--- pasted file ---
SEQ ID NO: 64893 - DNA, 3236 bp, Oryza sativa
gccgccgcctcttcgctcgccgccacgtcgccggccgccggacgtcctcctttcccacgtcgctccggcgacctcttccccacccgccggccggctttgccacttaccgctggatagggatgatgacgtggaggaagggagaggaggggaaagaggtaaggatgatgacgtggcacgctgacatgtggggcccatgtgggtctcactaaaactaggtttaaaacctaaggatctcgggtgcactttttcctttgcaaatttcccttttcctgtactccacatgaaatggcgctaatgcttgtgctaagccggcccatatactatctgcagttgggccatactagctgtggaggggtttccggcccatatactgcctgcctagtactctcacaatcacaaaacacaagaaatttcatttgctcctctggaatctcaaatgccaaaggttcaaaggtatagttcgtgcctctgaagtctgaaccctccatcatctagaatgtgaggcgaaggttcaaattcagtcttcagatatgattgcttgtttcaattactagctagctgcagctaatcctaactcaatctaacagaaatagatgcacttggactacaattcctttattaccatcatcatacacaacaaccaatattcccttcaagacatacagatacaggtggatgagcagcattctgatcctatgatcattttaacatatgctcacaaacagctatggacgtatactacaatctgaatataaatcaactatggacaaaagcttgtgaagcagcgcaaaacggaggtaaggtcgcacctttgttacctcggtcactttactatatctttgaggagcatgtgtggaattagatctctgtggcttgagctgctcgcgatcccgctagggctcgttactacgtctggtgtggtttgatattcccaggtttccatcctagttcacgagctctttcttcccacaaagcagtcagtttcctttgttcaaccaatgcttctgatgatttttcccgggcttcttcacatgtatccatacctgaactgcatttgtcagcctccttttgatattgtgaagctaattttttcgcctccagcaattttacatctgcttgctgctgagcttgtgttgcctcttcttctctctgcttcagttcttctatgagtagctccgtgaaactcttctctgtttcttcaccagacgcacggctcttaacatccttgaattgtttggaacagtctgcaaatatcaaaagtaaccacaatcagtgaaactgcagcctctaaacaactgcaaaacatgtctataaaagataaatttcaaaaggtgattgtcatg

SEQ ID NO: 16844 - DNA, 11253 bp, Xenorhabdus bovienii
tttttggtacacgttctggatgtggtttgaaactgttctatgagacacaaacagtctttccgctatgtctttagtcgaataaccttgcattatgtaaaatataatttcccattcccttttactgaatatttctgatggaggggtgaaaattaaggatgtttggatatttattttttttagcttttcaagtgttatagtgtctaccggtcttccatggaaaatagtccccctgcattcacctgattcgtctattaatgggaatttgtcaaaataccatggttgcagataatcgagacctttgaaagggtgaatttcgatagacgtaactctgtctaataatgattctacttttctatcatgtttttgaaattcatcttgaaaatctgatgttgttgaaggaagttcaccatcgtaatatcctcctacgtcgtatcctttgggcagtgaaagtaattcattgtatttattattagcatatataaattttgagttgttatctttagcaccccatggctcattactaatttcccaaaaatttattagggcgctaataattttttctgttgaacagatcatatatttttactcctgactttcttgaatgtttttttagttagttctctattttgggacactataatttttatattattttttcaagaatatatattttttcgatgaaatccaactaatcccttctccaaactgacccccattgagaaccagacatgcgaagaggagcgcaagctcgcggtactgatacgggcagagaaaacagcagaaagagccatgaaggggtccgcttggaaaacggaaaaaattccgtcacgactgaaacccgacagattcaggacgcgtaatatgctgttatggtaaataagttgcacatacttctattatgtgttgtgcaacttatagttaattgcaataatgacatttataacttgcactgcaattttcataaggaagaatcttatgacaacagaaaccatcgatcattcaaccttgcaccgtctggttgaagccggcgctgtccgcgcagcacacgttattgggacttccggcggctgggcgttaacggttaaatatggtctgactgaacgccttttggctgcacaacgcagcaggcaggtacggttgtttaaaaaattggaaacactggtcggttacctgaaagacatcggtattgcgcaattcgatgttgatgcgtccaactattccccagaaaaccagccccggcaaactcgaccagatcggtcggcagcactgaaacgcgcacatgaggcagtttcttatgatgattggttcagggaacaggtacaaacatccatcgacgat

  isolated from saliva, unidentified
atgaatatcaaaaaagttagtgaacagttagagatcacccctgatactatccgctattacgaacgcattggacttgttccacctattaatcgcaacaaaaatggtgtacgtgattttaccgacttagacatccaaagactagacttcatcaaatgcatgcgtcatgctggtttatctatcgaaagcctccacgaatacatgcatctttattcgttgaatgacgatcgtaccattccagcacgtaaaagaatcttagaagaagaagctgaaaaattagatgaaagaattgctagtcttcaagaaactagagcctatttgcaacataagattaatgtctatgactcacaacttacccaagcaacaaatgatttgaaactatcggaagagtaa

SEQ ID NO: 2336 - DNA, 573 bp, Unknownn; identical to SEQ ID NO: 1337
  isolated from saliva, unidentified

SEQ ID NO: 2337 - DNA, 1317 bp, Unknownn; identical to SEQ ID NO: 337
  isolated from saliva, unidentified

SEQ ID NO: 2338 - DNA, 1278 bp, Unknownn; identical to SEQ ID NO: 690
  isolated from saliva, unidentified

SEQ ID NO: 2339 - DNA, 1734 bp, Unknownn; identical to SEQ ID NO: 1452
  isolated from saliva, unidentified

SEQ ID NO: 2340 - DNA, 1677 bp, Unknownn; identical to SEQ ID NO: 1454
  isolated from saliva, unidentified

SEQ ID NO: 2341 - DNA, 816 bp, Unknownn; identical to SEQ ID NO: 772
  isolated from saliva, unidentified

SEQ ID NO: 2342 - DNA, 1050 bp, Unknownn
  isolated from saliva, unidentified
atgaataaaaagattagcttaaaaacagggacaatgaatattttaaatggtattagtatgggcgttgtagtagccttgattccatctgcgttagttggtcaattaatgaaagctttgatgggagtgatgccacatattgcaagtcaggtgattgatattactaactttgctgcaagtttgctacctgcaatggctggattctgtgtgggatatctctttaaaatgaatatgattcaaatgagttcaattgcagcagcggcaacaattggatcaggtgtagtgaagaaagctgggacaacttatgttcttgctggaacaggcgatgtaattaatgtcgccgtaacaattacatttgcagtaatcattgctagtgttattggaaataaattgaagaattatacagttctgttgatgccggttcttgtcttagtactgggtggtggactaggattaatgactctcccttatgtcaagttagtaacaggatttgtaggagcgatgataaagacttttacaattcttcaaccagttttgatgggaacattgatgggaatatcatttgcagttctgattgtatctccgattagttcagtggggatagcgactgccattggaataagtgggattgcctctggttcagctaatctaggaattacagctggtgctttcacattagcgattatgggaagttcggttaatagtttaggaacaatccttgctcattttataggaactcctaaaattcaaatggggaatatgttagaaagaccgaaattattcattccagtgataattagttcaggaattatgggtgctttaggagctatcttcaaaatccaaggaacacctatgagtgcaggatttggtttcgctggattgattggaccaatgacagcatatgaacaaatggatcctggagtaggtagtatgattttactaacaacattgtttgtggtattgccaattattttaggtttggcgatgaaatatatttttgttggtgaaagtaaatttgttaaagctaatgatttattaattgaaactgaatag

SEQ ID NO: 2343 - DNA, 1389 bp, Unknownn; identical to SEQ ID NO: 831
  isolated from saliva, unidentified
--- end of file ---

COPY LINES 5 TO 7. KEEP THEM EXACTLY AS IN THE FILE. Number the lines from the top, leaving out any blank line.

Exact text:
  isolated from saliva, unidentified
atgaatatcaaaaaagttagtgaacagttagagatcacccctgatactatccgctattacgaacgcattggacttgttccacctattaatcgcaacaaaaatggtgtacgtgattttaccgacttagacatccaaagactagacttcatcaaatgcatgcgtcatgctggtttatctatcgaaagcctccacgaatacatgcatctttattcgttgaatgacgatcgtaccattccagcacgtaaaagaatcttagaagaagaagctgaaaaattagatgaaagaattgctagtcttcaagaaactagagcctatttgcaacataagattaatgtctatgactcacaacttacccaagcaacaaatgatttgaaactatcggaagagtaa

SEQ ID NO: 2336 - DNA, 573 bp, Unknownn; identical to SEQ ID NO: 1337